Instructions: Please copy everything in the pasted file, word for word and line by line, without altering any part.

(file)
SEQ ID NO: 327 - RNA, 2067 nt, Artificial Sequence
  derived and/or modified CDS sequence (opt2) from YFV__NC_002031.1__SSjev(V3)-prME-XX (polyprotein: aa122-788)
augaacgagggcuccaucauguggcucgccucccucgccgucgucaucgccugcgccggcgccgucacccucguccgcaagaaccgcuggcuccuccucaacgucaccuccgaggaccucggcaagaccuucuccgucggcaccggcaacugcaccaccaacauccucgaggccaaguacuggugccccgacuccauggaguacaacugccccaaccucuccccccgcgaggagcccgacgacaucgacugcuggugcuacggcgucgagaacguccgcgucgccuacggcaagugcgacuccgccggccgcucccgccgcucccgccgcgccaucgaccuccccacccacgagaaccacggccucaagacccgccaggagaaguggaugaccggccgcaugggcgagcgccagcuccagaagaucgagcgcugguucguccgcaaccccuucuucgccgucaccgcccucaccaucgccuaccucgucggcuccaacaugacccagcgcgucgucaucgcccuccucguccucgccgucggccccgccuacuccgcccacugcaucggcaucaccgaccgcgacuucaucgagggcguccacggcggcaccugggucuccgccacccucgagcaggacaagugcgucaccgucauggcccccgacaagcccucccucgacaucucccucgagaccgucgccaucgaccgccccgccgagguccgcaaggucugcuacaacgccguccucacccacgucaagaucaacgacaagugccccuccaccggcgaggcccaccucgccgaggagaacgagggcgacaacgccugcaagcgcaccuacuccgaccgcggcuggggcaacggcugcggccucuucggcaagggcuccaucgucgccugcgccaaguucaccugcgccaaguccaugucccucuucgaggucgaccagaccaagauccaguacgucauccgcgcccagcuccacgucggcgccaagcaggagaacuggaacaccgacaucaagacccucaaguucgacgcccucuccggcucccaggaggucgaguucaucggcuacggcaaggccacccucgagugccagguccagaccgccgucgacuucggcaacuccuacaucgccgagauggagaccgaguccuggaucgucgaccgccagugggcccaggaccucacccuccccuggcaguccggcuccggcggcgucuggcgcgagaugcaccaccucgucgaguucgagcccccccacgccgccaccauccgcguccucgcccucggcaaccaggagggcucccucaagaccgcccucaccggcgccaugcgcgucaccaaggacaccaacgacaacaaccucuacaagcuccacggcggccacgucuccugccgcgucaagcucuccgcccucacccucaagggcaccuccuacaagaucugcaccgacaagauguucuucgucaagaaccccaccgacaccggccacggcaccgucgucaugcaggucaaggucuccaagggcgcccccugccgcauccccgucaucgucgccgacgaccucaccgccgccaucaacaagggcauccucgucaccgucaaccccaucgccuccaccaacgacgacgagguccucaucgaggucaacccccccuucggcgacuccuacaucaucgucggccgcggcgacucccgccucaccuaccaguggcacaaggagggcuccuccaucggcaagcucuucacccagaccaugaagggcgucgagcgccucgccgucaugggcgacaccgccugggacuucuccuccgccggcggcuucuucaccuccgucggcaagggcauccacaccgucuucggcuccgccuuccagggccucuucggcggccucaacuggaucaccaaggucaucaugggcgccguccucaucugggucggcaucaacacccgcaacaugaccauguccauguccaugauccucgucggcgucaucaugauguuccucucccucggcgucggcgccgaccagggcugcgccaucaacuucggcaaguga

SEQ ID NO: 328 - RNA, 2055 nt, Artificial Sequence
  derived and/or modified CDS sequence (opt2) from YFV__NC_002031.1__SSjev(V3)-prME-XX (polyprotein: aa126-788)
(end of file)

SEQ ID NO: 327 - RNA, 2067 nt, Artificial Sequence
  derived and/or modified CDS sequence (opt2) from YFV__NC_002031.1__SSjev(V3)-prME-XX (polyprotein: aa122-788)
augaacgagggcuccaucauguggcucgccucccucgccgucgucaucgccugcgccggcgccgucacccucguccgcaagaaccgcuggcuccuccucaacgucaccuccgaggaccucggcaagaccuucuccgucggcaccggcaacugcaccaccaacauccucgaggccaaguacuggugccccgacuccauggaguacaacugccccaaccucuccccccgcgaggagcccgacgacaucgacugcuggugcuacggcgucgagaacguccgcgucgccuacggcaagugcgacuccgccggccgcucccgccgcucccgccgcgccaucgaccuccccacccacgagaaccacggccucaagacccgccaggagaaguggaugaccggccgcaugggcgagcgccagcuccagaagaucgagcgcugguucguccgcaaccccuucuucgccgucaccgcccucaccaucgccuaccucgucggcuccaacaugacccagcgcgucgucaucgcccuccucguccucgccgucggccccgccuacuccgcccacugcaucggcaucaccgaccgcgacuucaucgagggcguccacggcggcaccugggucuccgccacccucgagcaggacaagugcgucaccgucauggcccccgacaagcccucccucgacaucucccucgagaccgucgccaucgaccgccccgccgagguccgcaaggucugcuacaacgccguccucacccacgucaagaucaacgacaagugccccuccaccggcgaggcccaccucgccgaggagaacgagggcgacaacgccugcaagcgcaccuacuccgaccgcggcuggggcaacggcugcggccucuucggcaagggcuccaucgucgccugcgccaaguucaccugcgccaaguccaugucccucuucgaggucgaccagaccaagauccaguacgucauccgcgcccagcuccacgucggcgccaagcaggagaacuggaacaccgacaucaagacccucaaguucgacgcccucuccggcucccaggaggucgaguucaucggcuacggcaaggccacccucgagugccagguccagaccgccgucgacuucggcaacuccuacaucgccgagauggagaccgaguccuggaucgucgaccgccagugggcccaggaccucacccuccccuggcaguccggcuccggcggcgucuggcgcgagaugcaccaccucgucgaguucgagcccccccacgccgccaccauccgcguccucgcccucggcaaccaggagggcucccucaagaccgcccucaccggcgccaugcgcgucaccaaggacaccaacgacaacaaccucuacaagcuccacggcggccacgucuccugccgcgucaagcucuccgcccucacccucaagggcaccuccuacaagaucugcaccgacaagauguucuucgucaagaaccccaccgacaccggccacggcaccgucgucaugcaggucaaggucuccaagggcgcccccugccgcauccccgucaucgucgccgacgaccucaccgccgccaucaacaagggcauccucgucaccgucaaccccaucgccuccaccaacgacgacgagguccucaucgaggucaacccccccuucggcgacuccuacaucaucgucggccgcggcgacucccgccucaccuaccaguggcacaaggagggcuccuccaucggcaagcucuucacccagaccaugaagggcgucgagcgccucgccgucaugggcgacaccgccugggacuucuccuccgccggcggcuucuucaccuccgucggcaagggcauccacaccgucuucggcuccgccuuccagggccucuucggcggccucaacuggaucaccaaggucaucaugggcgccguccucaucugggucggcaucaacacccgcaacaugaccauguccauguccaugauccucgucggcgucaucaugauguuccucucccucggcgucggcgccgaccagggcugcgccaucaacuucggcaaguga

SEQ ID NO: 328 - RNA, 2055 nt, Artificial Sequence
  derived and/or modified CDS sequence (opt2) from YFV__NC_002031.1__SSjev(V3)-prME-XX (polyprotein: aa126-788)